Saturday, April 23, from 11 a.m. to 4 p.m., get down to Lowest Greenville and get the shit done. The Lowest Greenville Collective is hosting a celebration of the restaurants, retail and activity in the strip, and frankly, we’re not sure you’re prepared for some of it. You can “shake what you got” and mix your own drink at Alamo Club, build your own bouquet at Leela’s Wine Bar, do a downward dog on the roof at HG Sply Co. and — our favorite — participate in a pizza box folding contest at Greenville Ave. Pizza Company (GAPCo). There are so many other activities and specials, so get there.
Trunk Show with Julie Cohn at the Nasher Sculpture Center
Local jeweler Julie Cohn was self-taught but found herself inspired by Harry Bertoia’s “abstraction of nature” and works in bronze early in her career. So it’s artistic kismet that she was asked to create a collection inspired by Harry Bertoia: Sculpting Mid-Century Modern Life on exhibit at the Nasher Sculpture Center (2001 Flora St.) through the weekend. Her pieces play with juxtaposition, presenting as both soft and edgy, organic yet industrial, modern yet primitive. Browse Cohn’s pieces during a trunk show 11 a.m. to 2:30 p.m. Saturday, April 23.
The Morning After, a Dallas Observer Brunch Event at Dallas City Hall Plaza
Bottomless brunch samples? Yes, please. Of course we’re tooting our own brunch horn because it’s the 6th Annual Morning After, A Dallas Observer Brunch Event. So the breakdown is pretty easy: It’s at 11:30 a.m. Saturday, April 23, in our fair Dallas City Hall Plaza (1500 Marilla St.) and tickets are still available. Now, there are drinks involved, so this event is a 21+ situation. You could go GA Advanced for $40, score a Brunch Squad 4-pack, save some dough with group sales for GA or get that VIP tip and get a special bar and restrooms.
Sunday, April 24
Dallas Art Fair at Fashion Industry Gallery
The Dallas Art Fair is back, and it brings with it four days of possible strolling, browsing, squinting, leaning forward and then standing back, staring and making that “hmmm” noise you make when you’re thinking about art. The Fashion Industry Gallery (1807 Ross Ave.) hosts exhibitions of modern and contemporary art from galleries from right here in Dallas as well as all over the world. The DAF officially starts with a private preview night on Thursday but opens to the public Friday through Sunday, April 24, at 11 a.m. There’s also the Eye Ball closing party on Saturday at (surprise) The Eye at the Joule. Find all manner of tickets available, including day passes and weekend passes, on the Dallas Art Fair site.
Joyce Yang: Bernstein’s West Side Story & Gershwin’s Piano Concerto at the Meyerson
Joyce Yang won the Van Cliburn International Piano Competition at the age of 19. She’s also been nominated for a GRAMMY®, and that’s fantastic, but that first prize is still distracting us a bit. The Dallas Symphony Orchestra welcomes her to the Morton H. Meyerson Symphony Center (2301 Flora St.) for performances Friday through Sunday as Thomas Wilkins conducts her through Bernstein’s star-crossed score for West Side Story and Gershwin’s hopeful Piano Concerto in F. Her dazzling presence rivals her technical approach, so these are can’t-miss shows. Showtimes are 7:30 p.m. Friday and Saturday, and 3 p.m. Sunday, April 24.
Meat Fight’s Meat Raffle at Community Beer Co.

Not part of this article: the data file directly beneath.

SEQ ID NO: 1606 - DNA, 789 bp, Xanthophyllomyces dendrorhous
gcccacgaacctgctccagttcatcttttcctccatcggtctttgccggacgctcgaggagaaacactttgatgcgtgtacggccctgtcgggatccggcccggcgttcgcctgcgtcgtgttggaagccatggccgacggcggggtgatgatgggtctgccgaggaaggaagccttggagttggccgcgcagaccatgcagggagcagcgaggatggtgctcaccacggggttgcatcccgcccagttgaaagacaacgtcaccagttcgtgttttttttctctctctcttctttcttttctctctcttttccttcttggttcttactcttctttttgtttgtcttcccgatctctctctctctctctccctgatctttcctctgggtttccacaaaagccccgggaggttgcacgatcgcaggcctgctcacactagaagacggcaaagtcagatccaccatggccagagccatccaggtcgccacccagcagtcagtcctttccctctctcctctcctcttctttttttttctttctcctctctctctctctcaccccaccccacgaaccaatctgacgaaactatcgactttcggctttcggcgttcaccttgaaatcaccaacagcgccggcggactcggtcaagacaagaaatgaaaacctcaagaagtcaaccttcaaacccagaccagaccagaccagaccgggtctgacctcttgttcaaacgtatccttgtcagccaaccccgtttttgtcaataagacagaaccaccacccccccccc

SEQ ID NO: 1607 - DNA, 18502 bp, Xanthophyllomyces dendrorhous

Meat Fight knew we couldn’t last until the fall for another delicious “funlanthropy” event, so they’ve bestowed upon us a little get together noon to 3 p.m. Sunday, April 24, at Community Beer Co. (3110 Commonwealth Drive). Now, let’s get this out of the way: A meat raffle is a raffle for meat. Like, actual meat. Brisket, chicken wings and what have you. Perhaps a taco kit, a charcuterie board or some biscuits, too. Every prize is delicious. Oh, and someone lucky will get two tickets to the next Meat Fight coming later this year. Tickets are $18, available now online, and if you buy in advance they include two raffle tickets, one beer and one slider from Easy Slider. (Don’t worry, you can purchase more of all those things on site.) As always, this Meat Fight event benefits people living with multiple sclerosis.
Monday, April 25
How to Lose a Guy in 10 Days at Griggs Park
Monday night seems like a rough night for getting out there and doing. But Griggs Park (2209 Clark St.) has a stress-free option: easy, breezy movie nights. Monday, April 25, from 8 to 10 p.m. learn How to Lose a Guy in 10 Days with the help of Kate Hudson, Matthew McConaughey, Kathryn Hahn and Thomas Lennon. See, it’s just classic rom-com mayhem and foolishness when writer Andie says she can lose a guy in 10 days and Benjamin says he can make a woman fall in love with his executive ass in 10. Go ahead and see if you can guess what happens. Right or wrong, the popcorn is free. Bring your blankets and picnics.
Tuesday, April 26
Arts & Letters Live: David Sedaris at McFarlin Auditorium
Just in case you feel like this already happened, it was supposed to and was reschedule for this new date. Arts & Letters Live and KERA welcome satirist David Sedaris to McFarlin Auditorium (6405 Boaz Lane) 7:30 p.m. Tuesday, April 26. He’ll be reading new and unpublished magic, as we’ve come to expect after enjoying 10 years of Sedaris performances already. We thought we could claim a favorite book, but it’s becoming increasingly difficult thanks to Sedaris’ ever-growing pile of laugh-through-tears brilliance. Dive into the latest collection of essays, A Carnival of Snackery: Diaries (2003-2020) to prep … or as dessert.